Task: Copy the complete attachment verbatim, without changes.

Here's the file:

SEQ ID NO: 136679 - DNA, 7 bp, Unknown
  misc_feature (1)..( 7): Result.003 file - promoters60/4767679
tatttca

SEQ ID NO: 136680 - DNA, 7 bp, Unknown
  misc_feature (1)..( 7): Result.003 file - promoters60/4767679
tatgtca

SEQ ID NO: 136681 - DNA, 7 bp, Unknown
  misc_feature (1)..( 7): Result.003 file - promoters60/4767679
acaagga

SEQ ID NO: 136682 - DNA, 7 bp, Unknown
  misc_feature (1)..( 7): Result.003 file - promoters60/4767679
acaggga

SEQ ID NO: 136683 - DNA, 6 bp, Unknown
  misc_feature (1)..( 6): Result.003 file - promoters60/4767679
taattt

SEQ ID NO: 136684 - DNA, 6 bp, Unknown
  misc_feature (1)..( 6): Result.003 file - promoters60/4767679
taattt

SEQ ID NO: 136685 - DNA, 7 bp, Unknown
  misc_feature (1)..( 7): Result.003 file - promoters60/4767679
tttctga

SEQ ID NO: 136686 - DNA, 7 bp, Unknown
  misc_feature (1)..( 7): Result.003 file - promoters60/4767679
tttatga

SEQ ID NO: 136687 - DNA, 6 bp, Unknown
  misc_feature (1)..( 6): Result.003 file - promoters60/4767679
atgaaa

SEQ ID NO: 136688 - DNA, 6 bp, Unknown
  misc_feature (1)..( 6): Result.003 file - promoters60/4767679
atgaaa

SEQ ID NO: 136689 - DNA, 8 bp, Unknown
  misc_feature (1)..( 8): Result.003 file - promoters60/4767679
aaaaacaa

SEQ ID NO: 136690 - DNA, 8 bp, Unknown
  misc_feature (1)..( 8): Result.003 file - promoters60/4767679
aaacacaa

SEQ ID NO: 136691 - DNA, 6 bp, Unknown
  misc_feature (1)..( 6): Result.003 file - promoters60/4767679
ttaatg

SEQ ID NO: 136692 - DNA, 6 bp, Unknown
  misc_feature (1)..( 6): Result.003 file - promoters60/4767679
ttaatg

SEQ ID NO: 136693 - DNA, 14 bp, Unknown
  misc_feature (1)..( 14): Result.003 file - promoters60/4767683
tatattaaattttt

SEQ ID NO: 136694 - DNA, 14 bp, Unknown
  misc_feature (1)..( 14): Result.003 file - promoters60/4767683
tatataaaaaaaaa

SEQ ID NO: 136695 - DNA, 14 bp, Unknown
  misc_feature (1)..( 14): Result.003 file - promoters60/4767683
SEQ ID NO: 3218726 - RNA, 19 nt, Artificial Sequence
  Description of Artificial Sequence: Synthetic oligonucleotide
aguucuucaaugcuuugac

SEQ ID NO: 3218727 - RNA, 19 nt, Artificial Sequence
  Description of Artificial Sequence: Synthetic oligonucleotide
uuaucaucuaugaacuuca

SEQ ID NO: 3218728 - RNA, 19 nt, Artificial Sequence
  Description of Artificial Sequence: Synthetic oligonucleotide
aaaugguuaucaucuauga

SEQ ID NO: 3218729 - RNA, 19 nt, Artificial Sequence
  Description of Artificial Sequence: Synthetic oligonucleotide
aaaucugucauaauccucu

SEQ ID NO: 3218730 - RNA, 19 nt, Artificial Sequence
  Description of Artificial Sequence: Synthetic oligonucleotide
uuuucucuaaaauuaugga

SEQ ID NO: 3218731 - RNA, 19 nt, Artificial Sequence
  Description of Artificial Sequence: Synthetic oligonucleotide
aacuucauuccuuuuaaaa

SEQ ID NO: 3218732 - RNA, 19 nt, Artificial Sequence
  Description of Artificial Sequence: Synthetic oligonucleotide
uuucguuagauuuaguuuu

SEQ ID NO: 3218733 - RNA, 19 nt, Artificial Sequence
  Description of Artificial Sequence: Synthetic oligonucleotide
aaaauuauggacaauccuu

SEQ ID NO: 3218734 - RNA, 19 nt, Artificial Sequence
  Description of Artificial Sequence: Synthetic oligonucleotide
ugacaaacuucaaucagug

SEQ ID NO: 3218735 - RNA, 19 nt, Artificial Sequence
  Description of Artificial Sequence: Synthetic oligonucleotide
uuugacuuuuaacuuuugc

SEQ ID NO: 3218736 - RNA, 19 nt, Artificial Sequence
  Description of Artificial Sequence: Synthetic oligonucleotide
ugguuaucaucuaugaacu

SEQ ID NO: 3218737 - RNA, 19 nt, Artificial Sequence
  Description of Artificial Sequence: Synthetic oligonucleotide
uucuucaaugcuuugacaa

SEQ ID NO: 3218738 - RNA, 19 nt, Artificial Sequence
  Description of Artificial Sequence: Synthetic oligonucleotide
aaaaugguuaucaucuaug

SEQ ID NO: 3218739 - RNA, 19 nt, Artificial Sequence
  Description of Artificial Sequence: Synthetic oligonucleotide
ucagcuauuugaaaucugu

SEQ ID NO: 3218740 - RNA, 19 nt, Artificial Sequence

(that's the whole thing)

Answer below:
SEQ ID NO: 136679 - DNA, 7 bp, Unknown
  misc_feature (1)..( 7): Result.003 file - promoters60/4767679
tatttca

SEQ ID NO: 136680 - DNA, 7 bp, Unknown
  misc_feature (1)..( 7): Result.003 file - promoters60/4767679
tatgtca

SEQ ID NO: 136681 - DNA, 7 bp, Unknown
  misc_feature (1)..( 7): Result.003 file - promoters60/4767679
acaagga

SEQ ID NO: 136682 - DNA, 7 bp, Unknown
  misc_feature (1)..( 7): Result.003 file - promoters60/4767679
acaggga

SEQ ID NO: 136683 - DNA, 6 bp, Unknown
  misc_feature (1)..( 6): Result.003 file - promoters60/4767679
taattt

SEQ ID NO: 136684 - DNA, 6 bp, Unknown
  misc_feature (1)..( 6): Result.003 file - promoters60/4767679
taattt

SEQ ID NO: 136685 - DNA, 7 bp, Unknown
  misc_feature (1)..( 7): Result.003 file - promoters60/4767679
tttctga

SEQ ID NO: 136686 - DNA, 7 bp, Unknown
  misc_feature (1)..( 7): Result.003 file - promoters60/4767679
tttatga

SEQ ID NO: 136687 - DNA, 6 bp, Unknown
  misc_feature (1)..( 6): Result.003 file - promoters60/4767679
atgaaa

SEQ ID NO: 136688 - DNA, 6 bp, Unknown
  misc_feature (1)..( 6): Result.003 file - promoters60/4767679
atgaaa

SEQ ID NO: 136689 - DNA, 8 bp, Unknown
  misc_feature (1)..( 8): Result.003 file - promoters60/4767679
aaaaacaa

SEQ ID NO: 136690 - DNA, 8 bp, Unknown
  misc_feature (1)..( 8): Result.003 file - promoters60/4767679
aaacacaa

SEQ ID NO: 136691 - DNA, 6 bp, Unknown
  misc_feature (1)..( 6): Result.003 file - promoters60/4767679
ttaatg

SEQ ID NO: 136692 - DNA, 6 bp, Unknown
  misc_feature (1)..( 6): Result.003 file - promoters60/4767679
ttaatg

SEQ ID NO: 136693 - DNA, 14 bp, Unknown
  misc_feature (1)..( 14): Result.003 file - promoters60/4767683
tatattaaattttt

SEQ ID NO: 136694 - DNA, 14 bp, Unknown
  misc_feature (1)..( 14): Result.003 file - promoters60/4767683
tatataaaaaaaaa

SEQ ID NO: 136695 - DNA, 14 bp, Unknown
  misc_feature (1)..( 14): Result.003 file - promoters60/4767683
SEQ ID NO: 3218726 - RNA, 19 nt, Artificial Sequence
  Description of Artificial Sequence: Synthetic oligonucleotide
aguucuucaaugcuuugac

SEQ ID NO: 3218727 - RNA, 19 nt, Artificial Sequence
  Description of Artificial Sequence: Synthetic oligonucleotide
uuaucaucuaugaacuuca

SEQ ID NO: 3218728 - RNA, 19 nt, Artificial Sequence
  Description of Artificial Sequence: Synthetic oligonucleotide
aaaugguuaucaucuauga

SEQ ID NO: 3218729 - RNA, 19 nt, Artificial Sequence
  Description of Artificial Sequence: Synthetic oligonucleotide
aaaucugucauaauccucu

SEQ ID NO: 3218730 - RNA, 19 nt, Artificial Sequence
  Description of Artificial Sequence: Synthetic oligonucleotide
uuuucucuaaaauuaugga

SEQ ID NO: 3218731 - RNA, 19 nt, Artificial Sequence
  Description of Artificial Sequence: Synthetic oligonucleotide
aacuucauuccuuuuaaaa

SEQ ID NO: 3218732 - RNA, 19 nt, Artificial Sequence
  Description of Artificial Sequence: Synthetic oligonucleotide
uuucguuagauuuaguuuu

SEQ ID NO: 3218733 - RNA, 19 nt, Artificial Sequence
  Description of Artificial Sequence: Synthetic oligonucleotide
aaaauuauggacaauccuu

SEQ ID NO: 3218734 - RNA, 19 nt, Artificial Sequence
  Description of Artificial Sequence: Synthetic oligonucleotide
ugacaaacuucaaucagug

SEQ ID NO: 3218735 - RNA, 19 nt, Artificial Sequence
  Description of Artificial Sequence: Synthetic oligonucleotide
uuugacuuuuaacuuuugc

SEQ ID NO: 3218736 - RNA, 19 nt, Artificial Sequence
  Description of Artificial Sequence: Synthetic oligonucleotide
ugguuaucaucuaugaacu

SEQ ID NO: 3218737 - RNA, 19 nt, Artificial Sequence
  Description of Artificial Sequence: Synthetic oligonucleotide
uucuucaaugcuuugacaa

SEQ ID NO: 3218738 - RNA, 19 nt, Artificial Sequence
  Description of Artificial Sequence: Synthetic oligonucleotide
aaaaugguuaucaucuaug

SEQ ID NO: 3218739 - RNA, 19 nt, Artificial Sequence
  Description of Artificial Sequence: Synthetic oligonucleotide
ucagcuauuugaaaucugu

SEQ ID NO: 3218740 - RNA, 19 nt, Artificial Sequence